Then, the angel Gabriel appeared to the sinless young girl from Nazareth: Mary. The angel Gabriel in the Gospel of St. Luke, chapter 1, verses 26 and following, greets Mary with the words we now know as the first half of the “Hail Mary” prayer. He tells her that her holy Son would be the Son of God and that she would become pregnant virginally and miraculously by the power of the Holy Spirit. This great moment of the Incarnation is marked by the annunciation of such Good News to the Blessed Mother by the angel Gabriel.

St. Raphael

The second archangel is Raphael, which means “Medicine of God.” We hear about this angel in the Book of Tobit, which is one of the Deuterocanonical Books of the Bible which is not often included in Protestant Bibles. We hear, “I am Raph′ael, one of the seven holy angels who present the prayers of the saints and enter into the presence of the glory of the Holy One (Tobit 12:15).”

St. Raphael accompanied Tobias and gave him help on his journey. As one of the seven, Raphael is in the inner circle. There are thousands of thousands of angels, but only seven can be called archangels. “Arche” in Greek means “highest” or “chief.” These seven, including Gabriel and Michael, are the closest to God, which shows us that in Heaven, even amongst the angels, there is a hierarchy.

St. Michael in Jude, Daniel, and Revelation

Not all angels chose, at their creation, to serve God for all eternity. One such angel, Lucifer, fell from God’s favor by his own free choice. We now call him “Satan” which means “accuser” or “Devil” which generally means “Deceiver.” In opposition to this chief of the fallen angels, the demons, we see the great Prince of the Heavenly Hosts, Michael:

“But when the archangel Michael, contending with the devil, was disputing about the body of Moses, he did not presume to pronounce a blasphemous judgment, but said, ‘The Lord rebuke you (Jude 1:9).’”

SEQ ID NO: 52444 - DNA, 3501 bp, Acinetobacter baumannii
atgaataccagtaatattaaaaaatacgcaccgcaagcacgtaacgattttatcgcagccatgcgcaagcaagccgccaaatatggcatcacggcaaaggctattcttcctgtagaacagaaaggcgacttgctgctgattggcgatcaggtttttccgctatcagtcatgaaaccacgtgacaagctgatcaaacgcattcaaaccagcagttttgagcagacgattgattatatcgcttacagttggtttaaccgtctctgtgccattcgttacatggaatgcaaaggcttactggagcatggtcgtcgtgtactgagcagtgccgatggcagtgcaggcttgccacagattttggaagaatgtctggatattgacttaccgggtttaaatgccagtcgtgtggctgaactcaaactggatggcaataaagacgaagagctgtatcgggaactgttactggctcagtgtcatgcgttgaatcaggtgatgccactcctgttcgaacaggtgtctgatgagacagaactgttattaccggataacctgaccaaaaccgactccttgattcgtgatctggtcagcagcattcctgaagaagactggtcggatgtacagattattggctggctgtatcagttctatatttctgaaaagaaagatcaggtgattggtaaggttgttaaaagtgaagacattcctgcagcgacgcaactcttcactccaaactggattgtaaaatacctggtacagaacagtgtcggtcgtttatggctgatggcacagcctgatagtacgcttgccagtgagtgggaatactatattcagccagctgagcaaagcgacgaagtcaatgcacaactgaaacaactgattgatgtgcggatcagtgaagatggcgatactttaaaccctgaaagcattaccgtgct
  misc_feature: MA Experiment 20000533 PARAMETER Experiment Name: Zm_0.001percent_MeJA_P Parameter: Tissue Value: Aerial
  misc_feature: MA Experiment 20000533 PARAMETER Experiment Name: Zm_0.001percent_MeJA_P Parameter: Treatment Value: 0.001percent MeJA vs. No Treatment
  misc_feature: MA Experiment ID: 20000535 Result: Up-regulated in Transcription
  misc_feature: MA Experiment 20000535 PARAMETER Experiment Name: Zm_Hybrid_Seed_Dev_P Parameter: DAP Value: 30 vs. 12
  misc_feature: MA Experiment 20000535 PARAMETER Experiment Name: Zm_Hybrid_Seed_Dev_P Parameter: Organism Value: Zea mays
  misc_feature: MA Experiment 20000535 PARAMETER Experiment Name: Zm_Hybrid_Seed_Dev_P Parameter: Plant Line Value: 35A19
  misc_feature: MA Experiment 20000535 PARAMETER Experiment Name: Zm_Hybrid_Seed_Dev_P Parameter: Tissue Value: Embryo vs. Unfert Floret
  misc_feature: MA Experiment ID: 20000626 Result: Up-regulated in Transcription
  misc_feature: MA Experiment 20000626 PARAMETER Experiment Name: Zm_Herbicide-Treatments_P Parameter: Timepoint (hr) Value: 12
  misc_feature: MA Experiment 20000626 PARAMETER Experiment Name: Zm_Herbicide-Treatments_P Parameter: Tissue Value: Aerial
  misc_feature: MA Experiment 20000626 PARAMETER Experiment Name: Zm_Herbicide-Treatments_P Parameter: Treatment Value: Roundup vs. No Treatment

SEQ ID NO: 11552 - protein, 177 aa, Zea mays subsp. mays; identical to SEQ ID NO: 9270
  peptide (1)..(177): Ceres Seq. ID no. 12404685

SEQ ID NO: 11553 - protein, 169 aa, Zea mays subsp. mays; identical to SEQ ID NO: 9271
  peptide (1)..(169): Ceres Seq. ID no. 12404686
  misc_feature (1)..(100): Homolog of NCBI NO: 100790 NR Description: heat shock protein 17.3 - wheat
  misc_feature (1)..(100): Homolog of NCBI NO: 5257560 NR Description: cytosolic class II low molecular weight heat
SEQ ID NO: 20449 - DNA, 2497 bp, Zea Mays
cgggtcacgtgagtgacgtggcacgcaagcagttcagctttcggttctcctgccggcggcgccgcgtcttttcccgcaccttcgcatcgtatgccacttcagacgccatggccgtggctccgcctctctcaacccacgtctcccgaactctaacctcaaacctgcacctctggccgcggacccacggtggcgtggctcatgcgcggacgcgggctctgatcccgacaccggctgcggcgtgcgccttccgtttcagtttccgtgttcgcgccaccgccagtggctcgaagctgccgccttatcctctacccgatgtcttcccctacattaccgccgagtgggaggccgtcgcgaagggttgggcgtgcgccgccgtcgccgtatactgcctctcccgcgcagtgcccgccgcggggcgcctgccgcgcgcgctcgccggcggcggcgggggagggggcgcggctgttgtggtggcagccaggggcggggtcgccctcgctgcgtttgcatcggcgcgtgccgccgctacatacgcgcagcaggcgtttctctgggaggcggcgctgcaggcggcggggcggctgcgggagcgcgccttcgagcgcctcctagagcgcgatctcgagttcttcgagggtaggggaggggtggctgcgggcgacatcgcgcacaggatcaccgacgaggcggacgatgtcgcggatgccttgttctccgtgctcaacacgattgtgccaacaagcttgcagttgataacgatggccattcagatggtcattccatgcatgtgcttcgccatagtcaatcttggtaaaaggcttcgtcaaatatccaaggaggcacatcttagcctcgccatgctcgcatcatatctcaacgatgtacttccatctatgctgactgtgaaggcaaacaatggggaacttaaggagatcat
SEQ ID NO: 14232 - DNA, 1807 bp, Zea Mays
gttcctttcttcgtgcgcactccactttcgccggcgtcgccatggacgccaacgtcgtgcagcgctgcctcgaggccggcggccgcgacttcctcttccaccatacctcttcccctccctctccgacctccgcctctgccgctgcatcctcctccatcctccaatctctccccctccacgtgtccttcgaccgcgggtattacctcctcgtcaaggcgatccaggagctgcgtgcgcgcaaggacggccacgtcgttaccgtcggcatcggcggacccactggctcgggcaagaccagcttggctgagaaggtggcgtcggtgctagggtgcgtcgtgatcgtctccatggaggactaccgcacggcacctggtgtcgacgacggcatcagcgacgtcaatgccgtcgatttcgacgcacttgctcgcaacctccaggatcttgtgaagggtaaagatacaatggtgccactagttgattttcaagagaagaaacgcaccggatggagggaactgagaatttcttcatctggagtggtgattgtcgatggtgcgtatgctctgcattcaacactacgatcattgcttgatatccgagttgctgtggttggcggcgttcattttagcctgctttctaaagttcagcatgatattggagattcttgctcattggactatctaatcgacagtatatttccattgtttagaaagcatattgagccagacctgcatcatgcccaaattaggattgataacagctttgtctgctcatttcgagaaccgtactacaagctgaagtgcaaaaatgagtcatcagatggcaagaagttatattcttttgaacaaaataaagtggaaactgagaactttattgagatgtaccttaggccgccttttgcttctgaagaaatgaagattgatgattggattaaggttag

We see this chief of the seven angels around the throne of God being referred to by the angel Gabriel when he appears to Daniel again. Notice that Gabriel and Michael are contending with other “princes” or angelic spirits who are demons.

“The prince of the kingdom of Persia withstood me twenty-one days, but Michael, one of the chief princes, came to help me, for I was left there with the kings of Persia… But I will tell you what is inscribed in the book of truth: there is none who contends by my side against these except Michael, your prince (Daniel 10:13, 21).”

This use of the term “prince” is an English translation of a word in Hebrew which is difficult to translate. Remember, angel is not *what* Michael is. He is a leader among the angels. He led the charge against the Enemy and his followers. These princes that Michael and Gabriel are fighting, referred of in Daniel, are real personal beings. We see this in the Book of Revelation:

“Now war arose in heaven, Michael and his angels fighting against the dragon. And the dragon and his angels fought back, but he was defeated, and there was no longer any place for them in heaven. And the great dragon was thrown down, that ancient serpent, who is called the devil and Satan, the deceiver of the whole world—he was thrown down to the earth, and his angels were thrown down with him (Revelation 12:7-9).”

Because of his steadfast fidelity to God and his opposition to Satan and the forces of evil, St. Michael is a Universal Protector of the People of God, the Church. As we read in Daniel:

“At that time shall arise Michael, the great prince who has charge of your people. And there shall be a time of trouble, such as never has been since there was a nation till that time. But at that time your people shall be delivered, everyone whose name shall be found written in the book (Daniel 12:1).”

Pray for Us

Angels, as spiritual beings, are very misunderstood by human beings. They are, nonetheless, very real and very powerful, as are the fallen angels, the demons. We must understand the words of St. Peter, “Be sober-minded; be watchful. Your adversary the devil prowls around like a roaring lion, seeking someone to devour. Resist him, firm in your faith, knowing that the same kinds of suffering are being experienced by your brotherhood throughout the world (1 Peter 5:8-9).”

Ask for the assistance of the angels, especially the archangels revealed to us in Sacred Scripture and your own personal guardian angel. Each day, we must allow the angels to help us, fight with us, protect us, and guide us. We have been given such great friends by God, for His glory and our own holiness.

St. Michael, St. Gabriel, and St. Raphael, pray for us!